NOTE: Not only is this route the most challenging because of the climb that you are having to endure, but also because of the type of path that is close to the summit of the route. As you reach towards the summit the path is not just steep but also on really challenging terrain, so this route is really only for those experienced hikers!

Rhyd-Ddu Path (Beddgelert Path)

Distance: 17 miles

Climb: 2,936ft

Time: 6-7 hours

Start Point: Rhyd Ddu Car Park

Originally known as the Beddgelert Path – due to the village in which the walk starts – this route has changed its name over years, but it is still the same walk, with one of the longer distances of 17 miles to cover during that time. For some unknown reason, this route tends to be one of the quietest of the paths of Snowdon, and we have never quite worked out why as the path offers a good balance of both challenge but also enjoyability whilst out walking. If you are wanting a quiet, more isolated walk then this is definitely the route for you!

With stunning views over the “other side” of Snowdon, you will  be able to witness a vantage point that is not seen with the other routes. This path will allow you to take in views of Crib Goch and Y Lliwedd, which are really not to be missed!

NOTE: This route can be combined with South Ridge if you are wanting a longer, but even more spectacular circular route around Snowdon!

Snowdon Ranger Path

Distance: 16 miles

Climb: 3,071ft

Time: 5-7 hours

Start Point: Llyn Cwellyn Car Park

This path commences at the ‘Snowdon Ranger’ youth hostel, although this is actually not where the name comes from….John Morton (self-named Snowdon Ranger) used this route to guide Victorian tourists to the summit of Snowdon. The oldest of the routes of the Snowdon, this route is arguably one of the easier options for climbing to the summit of Snowdon. This does make it busier than some of the harder routes, but equally it is quieter than Llanberis Path as there are less amenities available so you have to be even better prepared before setting out walking.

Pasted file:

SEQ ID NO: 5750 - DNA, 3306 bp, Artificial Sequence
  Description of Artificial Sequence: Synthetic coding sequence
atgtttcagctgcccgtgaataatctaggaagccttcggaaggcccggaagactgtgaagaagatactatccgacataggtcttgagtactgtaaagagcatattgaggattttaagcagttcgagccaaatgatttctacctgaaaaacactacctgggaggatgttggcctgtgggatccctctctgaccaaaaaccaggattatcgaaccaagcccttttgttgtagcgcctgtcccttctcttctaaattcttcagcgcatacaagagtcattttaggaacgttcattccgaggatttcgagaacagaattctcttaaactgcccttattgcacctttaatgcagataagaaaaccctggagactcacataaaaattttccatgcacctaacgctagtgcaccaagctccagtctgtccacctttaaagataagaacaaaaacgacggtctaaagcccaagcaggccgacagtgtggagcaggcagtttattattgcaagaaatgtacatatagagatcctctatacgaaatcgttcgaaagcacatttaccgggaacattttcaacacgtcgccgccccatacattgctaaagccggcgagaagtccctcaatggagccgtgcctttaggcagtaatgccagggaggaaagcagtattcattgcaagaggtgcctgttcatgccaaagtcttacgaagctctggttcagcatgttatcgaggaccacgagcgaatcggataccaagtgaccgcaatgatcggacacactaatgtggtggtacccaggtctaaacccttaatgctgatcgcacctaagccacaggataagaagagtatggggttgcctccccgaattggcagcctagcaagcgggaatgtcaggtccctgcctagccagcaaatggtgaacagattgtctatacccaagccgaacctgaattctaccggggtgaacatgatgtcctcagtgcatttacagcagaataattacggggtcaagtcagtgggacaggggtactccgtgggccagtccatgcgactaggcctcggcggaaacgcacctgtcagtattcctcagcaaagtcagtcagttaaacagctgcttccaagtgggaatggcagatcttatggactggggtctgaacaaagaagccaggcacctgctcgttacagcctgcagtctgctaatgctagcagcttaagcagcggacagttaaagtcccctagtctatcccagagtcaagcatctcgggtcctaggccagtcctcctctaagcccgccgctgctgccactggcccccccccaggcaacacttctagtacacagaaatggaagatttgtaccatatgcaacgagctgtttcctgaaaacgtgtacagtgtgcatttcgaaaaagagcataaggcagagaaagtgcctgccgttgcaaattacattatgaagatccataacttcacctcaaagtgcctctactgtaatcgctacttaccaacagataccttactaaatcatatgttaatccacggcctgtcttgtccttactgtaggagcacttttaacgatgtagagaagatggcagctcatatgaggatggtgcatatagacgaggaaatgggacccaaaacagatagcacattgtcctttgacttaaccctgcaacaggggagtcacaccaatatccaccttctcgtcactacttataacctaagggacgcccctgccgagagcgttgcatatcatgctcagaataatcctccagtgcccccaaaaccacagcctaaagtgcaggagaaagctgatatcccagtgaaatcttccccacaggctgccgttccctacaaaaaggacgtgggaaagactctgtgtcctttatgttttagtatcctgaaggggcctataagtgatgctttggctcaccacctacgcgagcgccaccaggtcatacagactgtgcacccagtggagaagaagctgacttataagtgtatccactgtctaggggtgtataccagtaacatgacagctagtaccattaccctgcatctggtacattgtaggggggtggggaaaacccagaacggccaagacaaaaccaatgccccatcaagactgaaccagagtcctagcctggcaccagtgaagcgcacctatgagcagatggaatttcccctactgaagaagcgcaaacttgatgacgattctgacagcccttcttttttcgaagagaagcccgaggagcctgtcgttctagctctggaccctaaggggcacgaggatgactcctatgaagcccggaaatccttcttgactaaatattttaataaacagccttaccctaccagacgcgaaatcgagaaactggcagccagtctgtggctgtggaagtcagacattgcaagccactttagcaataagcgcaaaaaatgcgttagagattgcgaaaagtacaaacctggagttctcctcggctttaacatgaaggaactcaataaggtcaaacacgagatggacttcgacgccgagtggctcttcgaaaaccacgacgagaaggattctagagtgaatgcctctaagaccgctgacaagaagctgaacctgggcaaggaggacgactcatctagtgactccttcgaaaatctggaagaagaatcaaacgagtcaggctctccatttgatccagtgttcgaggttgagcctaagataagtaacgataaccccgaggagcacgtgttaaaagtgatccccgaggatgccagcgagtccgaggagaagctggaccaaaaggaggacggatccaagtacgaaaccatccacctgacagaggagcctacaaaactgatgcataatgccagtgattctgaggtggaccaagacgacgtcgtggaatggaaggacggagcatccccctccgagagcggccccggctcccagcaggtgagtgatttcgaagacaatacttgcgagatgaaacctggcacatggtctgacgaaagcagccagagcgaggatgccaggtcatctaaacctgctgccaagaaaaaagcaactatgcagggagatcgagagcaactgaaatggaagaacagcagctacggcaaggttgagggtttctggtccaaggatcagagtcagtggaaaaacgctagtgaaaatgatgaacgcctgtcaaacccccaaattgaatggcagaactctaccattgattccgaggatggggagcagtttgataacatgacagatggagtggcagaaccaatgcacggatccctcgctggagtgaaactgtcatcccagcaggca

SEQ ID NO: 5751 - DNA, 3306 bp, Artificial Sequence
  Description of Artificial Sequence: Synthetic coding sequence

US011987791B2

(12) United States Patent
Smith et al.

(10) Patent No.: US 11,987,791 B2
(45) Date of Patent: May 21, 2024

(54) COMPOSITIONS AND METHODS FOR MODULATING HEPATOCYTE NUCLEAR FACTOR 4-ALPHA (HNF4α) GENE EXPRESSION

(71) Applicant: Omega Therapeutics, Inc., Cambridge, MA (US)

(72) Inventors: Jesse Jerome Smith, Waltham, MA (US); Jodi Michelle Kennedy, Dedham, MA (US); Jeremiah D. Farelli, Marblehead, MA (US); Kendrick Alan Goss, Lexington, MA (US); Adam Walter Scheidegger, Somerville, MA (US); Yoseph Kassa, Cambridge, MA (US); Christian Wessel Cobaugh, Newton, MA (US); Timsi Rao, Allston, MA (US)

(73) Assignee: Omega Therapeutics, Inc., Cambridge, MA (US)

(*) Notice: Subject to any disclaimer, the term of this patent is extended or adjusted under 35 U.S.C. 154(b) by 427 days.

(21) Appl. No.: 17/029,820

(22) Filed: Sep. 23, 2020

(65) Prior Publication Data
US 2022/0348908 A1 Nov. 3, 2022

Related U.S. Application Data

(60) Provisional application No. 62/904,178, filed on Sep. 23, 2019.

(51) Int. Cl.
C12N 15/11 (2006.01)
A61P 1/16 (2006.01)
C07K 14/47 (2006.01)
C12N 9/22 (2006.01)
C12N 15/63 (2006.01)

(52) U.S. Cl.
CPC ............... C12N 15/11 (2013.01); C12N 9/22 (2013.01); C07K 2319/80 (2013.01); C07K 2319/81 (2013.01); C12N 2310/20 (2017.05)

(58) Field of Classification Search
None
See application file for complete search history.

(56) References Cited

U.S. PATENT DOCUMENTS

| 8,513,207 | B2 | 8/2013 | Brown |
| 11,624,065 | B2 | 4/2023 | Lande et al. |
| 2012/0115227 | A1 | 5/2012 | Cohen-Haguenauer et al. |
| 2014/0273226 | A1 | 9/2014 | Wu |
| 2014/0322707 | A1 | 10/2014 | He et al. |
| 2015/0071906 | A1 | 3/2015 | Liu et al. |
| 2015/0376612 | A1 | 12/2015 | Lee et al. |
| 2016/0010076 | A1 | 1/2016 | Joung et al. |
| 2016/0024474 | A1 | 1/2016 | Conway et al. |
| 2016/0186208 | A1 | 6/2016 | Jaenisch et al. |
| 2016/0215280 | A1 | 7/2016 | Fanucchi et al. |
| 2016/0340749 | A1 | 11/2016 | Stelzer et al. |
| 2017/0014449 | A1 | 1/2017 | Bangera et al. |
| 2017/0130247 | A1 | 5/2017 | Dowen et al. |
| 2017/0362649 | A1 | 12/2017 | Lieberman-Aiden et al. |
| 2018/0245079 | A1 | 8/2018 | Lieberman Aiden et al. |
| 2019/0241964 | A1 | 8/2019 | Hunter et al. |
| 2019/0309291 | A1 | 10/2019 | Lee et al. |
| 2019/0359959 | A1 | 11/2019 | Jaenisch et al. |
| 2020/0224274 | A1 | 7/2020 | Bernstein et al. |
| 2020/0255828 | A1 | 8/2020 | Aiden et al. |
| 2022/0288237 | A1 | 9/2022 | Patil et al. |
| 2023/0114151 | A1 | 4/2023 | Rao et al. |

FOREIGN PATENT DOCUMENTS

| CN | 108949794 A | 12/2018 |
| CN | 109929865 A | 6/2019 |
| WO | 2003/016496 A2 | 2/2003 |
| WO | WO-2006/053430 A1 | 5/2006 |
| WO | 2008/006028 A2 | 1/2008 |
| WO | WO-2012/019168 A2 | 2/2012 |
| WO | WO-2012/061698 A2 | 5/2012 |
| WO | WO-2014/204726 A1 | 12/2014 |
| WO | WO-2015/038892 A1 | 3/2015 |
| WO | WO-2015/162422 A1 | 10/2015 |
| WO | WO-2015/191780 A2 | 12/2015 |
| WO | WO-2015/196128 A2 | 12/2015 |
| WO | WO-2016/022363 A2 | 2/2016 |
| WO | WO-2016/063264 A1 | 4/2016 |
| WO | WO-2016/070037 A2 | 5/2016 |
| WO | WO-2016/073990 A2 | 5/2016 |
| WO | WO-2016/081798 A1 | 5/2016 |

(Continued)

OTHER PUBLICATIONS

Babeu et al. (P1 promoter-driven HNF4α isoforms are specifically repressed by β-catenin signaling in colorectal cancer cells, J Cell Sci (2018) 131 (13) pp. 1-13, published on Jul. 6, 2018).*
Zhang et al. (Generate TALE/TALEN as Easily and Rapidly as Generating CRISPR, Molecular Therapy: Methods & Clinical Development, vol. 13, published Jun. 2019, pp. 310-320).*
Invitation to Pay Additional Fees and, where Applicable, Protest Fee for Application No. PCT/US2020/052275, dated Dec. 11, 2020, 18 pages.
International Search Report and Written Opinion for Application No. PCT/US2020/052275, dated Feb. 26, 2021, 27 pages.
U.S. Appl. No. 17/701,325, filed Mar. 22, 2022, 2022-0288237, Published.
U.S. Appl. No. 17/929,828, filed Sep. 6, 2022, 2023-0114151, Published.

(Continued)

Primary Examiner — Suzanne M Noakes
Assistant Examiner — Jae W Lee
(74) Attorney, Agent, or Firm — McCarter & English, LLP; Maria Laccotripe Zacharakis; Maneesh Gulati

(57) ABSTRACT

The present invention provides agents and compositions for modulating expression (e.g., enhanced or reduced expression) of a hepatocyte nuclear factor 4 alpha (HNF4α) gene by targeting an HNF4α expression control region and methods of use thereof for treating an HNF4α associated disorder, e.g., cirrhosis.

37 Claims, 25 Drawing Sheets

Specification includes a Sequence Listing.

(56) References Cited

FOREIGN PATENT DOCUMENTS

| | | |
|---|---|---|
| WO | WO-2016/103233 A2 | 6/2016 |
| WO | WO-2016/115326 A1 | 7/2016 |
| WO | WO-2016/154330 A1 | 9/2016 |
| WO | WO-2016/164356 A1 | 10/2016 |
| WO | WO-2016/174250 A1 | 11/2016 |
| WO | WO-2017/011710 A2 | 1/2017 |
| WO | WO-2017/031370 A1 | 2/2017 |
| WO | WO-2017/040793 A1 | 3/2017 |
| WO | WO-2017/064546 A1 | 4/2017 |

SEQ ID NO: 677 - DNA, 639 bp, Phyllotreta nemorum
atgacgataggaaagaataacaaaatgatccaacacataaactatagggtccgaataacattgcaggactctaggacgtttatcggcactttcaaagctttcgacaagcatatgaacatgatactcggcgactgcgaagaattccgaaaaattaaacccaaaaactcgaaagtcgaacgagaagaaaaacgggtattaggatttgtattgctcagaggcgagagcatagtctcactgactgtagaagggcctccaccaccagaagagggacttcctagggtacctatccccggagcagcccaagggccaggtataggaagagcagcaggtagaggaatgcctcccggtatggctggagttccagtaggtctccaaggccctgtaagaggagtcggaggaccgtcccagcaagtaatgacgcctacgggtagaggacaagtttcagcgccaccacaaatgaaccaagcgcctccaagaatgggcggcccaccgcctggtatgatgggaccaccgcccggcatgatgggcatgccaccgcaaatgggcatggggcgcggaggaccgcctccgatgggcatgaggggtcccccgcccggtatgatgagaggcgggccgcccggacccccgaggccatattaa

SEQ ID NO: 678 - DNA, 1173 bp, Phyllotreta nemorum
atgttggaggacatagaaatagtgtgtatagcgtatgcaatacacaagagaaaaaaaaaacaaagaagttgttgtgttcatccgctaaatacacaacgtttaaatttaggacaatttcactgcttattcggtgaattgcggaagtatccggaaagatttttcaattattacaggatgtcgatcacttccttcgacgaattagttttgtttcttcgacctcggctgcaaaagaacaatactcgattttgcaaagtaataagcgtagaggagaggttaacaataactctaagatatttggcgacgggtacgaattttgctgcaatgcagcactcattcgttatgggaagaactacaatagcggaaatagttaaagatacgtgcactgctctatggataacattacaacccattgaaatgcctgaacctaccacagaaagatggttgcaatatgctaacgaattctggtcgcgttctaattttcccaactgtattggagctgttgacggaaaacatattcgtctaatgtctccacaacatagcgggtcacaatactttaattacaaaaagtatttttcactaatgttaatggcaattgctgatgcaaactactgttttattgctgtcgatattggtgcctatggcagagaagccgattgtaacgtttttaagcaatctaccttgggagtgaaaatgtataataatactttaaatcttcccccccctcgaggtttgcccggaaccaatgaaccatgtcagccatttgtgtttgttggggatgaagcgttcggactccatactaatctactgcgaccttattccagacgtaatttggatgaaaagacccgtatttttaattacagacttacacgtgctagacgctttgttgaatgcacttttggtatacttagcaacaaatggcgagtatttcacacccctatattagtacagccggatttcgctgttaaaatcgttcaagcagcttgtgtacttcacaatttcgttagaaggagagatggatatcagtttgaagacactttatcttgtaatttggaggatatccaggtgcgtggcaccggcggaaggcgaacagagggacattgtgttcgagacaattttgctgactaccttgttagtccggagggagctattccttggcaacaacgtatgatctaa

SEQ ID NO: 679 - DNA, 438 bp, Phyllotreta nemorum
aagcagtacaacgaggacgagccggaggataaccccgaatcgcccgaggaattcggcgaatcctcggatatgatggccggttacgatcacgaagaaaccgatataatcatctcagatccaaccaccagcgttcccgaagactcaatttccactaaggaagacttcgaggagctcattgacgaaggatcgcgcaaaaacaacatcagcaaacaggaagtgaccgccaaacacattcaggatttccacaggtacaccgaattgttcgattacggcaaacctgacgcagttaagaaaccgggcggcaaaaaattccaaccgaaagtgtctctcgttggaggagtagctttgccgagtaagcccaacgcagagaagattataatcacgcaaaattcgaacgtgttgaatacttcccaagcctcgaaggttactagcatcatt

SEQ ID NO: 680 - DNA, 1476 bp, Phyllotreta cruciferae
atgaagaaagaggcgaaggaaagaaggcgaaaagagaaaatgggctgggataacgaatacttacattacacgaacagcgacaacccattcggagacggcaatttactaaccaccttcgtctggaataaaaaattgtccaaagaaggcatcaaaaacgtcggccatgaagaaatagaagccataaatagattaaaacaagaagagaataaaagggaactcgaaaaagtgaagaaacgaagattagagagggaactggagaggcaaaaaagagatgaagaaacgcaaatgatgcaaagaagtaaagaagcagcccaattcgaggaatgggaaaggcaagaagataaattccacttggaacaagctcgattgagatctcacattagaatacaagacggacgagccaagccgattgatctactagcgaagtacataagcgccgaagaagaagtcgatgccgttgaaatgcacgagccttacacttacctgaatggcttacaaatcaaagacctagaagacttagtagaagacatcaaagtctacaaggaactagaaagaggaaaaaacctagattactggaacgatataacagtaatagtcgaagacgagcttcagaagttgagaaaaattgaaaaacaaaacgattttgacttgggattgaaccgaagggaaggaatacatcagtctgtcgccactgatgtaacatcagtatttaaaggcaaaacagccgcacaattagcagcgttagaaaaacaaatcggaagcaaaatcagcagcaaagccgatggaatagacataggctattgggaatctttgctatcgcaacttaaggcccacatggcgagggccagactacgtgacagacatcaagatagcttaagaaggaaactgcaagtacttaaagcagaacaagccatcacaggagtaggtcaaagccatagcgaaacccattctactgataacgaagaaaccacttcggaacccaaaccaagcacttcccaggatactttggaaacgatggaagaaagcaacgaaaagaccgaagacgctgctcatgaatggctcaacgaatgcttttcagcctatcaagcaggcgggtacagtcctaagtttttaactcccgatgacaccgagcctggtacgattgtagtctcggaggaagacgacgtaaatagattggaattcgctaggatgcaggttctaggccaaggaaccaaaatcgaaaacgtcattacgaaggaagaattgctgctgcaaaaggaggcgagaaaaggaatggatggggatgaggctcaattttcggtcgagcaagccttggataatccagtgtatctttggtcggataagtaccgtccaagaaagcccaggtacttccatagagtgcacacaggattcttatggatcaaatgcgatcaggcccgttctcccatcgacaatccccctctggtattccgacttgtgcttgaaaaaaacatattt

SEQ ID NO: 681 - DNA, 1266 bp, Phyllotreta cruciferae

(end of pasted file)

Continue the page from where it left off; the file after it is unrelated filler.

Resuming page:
The path has been improved in recent years, making it relatively easy to follow for those people not used to hiking off the beaten track but we do feel this kind of takes away from the “challenge” of the walk, as it is definitely less dramatic than some of the other routes listed.

Frequently Asked Questions

Are there 6 or 8 paths up Snowdon?
Many argue that there are actually 8 routes up to Snowdon, and technically they would be correct – although the other two routes join up to the 6 main paths that we have detailed above if you actually want to get to the summit. These other two routes are Crib Goch and Snowdon South Ridge route. Both of these routes involve scrambling and physical climbing that may not be suited to most, which is why they are regularly not included in the “paths” up to Snowdon.

What should I take with me when climbing up Snowdon?
If you are going to be undertaking the challenge of climbing to the top of Snowdon then you need to be prepared. This includes having the right clothing and footwear, such as walking boots that are well-worn in and trusted, and different layers of clothing as the weather can change quite quickly when you are completing such an exposed walk! As well as this you will need other items such as maps, food and drink, and possibly a small first aid kit if you want to be prepared for any situation that comes your way!

Is there a cafe at the top of Snowdon?
Yes – believe it or not there is a cafe at the top of Snowdon to offer you some light refreshments before you get ready for your descent. Officially the UK’s highest cafe this, along with the incredible views, should be all the incentive you need to get to the top of Snowdon!

What is the easiest route up Snowdon?
Llanberis Path is arguably the easiest route up Snowdon. Although it is not the shortest of routes, this means that the incline can be spread over a longer distance so you are not having to tackle as much of a climb as you would do on the other routes!